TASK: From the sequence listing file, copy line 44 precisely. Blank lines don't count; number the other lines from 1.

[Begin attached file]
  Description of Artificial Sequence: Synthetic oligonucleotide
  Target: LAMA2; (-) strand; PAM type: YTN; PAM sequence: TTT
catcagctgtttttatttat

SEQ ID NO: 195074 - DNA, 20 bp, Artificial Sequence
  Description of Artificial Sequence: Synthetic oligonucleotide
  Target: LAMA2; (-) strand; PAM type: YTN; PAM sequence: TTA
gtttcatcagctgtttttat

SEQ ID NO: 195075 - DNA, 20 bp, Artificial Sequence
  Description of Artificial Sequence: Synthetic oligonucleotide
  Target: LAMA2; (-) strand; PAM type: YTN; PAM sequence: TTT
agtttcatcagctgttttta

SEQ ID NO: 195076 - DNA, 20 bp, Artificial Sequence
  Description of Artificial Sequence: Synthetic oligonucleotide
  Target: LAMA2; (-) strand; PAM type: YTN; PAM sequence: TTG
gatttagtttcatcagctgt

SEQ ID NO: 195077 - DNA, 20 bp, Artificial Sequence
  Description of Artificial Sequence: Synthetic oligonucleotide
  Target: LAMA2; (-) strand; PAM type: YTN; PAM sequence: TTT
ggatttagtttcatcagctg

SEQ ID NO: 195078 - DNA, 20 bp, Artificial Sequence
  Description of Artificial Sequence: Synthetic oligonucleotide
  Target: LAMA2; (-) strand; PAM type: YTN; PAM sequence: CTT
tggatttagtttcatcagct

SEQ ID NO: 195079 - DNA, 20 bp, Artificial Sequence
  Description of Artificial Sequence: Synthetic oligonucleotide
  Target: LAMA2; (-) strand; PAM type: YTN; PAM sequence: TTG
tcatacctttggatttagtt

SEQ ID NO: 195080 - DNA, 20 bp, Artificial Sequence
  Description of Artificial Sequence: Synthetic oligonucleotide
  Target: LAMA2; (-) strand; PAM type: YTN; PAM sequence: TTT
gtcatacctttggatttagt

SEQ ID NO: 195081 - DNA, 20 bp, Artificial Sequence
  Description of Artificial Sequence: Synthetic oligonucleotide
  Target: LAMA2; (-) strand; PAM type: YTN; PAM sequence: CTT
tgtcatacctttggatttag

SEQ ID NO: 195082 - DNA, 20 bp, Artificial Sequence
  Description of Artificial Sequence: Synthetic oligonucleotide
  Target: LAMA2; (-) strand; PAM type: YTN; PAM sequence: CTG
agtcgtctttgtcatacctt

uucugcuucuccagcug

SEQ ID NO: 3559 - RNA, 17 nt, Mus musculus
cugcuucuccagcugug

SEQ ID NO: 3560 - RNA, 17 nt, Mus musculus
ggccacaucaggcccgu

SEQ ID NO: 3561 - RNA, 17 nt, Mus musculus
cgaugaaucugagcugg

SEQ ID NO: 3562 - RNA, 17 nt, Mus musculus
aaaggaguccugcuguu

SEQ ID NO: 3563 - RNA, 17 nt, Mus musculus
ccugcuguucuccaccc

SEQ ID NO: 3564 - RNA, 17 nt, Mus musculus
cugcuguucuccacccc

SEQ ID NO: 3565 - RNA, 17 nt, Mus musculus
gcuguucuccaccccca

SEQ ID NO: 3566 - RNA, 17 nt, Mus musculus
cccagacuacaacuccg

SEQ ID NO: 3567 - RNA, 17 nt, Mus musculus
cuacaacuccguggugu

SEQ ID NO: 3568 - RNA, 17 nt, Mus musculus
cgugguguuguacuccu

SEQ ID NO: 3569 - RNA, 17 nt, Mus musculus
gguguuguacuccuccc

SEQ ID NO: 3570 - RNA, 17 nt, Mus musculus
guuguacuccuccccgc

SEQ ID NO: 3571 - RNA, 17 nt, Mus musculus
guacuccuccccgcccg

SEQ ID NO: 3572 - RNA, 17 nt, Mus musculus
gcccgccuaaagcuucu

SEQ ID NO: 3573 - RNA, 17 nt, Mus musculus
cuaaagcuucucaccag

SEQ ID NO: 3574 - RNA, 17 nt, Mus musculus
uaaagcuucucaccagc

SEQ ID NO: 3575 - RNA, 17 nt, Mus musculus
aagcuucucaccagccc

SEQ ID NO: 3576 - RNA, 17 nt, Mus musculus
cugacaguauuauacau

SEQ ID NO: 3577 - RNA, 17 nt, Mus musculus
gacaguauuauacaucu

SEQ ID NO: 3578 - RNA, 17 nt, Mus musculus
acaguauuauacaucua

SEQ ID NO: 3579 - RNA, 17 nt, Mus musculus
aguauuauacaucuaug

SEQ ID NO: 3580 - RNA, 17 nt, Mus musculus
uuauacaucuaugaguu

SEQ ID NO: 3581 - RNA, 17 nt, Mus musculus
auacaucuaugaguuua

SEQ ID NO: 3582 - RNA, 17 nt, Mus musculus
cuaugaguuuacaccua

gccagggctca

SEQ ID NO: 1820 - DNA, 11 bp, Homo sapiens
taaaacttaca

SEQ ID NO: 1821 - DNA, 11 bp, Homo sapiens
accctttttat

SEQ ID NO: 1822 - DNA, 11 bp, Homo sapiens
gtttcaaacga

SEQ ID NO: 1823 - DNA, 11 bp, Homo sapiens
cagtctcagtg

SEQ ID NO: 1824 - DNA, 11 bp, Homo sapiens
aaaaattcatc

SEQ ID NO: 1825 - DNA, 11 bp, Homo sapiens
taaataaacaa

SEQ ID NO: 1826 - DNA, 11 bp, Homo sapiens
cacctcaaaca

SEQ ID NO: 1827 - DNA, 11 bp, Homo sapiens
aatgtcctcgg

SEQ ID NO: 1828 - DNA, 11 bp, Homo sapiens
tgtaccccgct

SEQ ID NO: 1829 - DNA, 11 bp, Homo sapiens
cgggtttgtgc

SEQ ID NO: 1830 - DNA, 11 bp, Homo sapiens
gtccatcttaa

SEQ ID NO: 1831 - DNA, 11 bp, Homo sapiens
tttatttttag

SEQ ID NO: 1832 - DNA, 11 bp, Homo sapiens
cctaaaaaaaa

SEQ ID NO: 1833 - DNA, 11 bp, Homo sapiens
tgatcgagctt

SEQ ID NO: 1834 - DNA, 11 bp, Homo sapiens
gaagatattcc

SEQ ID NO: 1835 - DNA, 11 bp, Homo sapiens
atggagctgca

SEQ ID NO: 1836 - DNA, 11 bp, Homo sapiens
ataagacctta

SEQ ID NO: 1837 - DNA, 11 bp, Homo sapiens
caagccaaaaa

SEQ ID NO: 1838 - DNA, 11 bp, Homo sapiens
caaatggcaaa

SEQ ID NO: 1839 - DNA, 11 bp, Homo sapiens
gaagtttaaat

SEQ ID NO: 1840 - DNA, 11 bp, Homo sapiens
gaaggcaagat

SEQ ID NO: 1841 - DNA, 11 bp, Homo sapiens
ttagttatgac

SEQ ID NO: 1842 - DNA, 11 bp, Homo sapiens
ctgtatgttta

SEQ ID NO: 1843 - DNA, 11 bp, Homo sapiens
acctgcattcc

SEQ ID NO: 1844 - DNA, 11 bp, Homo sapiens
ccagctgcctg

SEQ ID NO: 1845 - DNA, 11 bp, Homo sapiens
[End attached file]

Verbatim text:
ggccacaucaggcccgu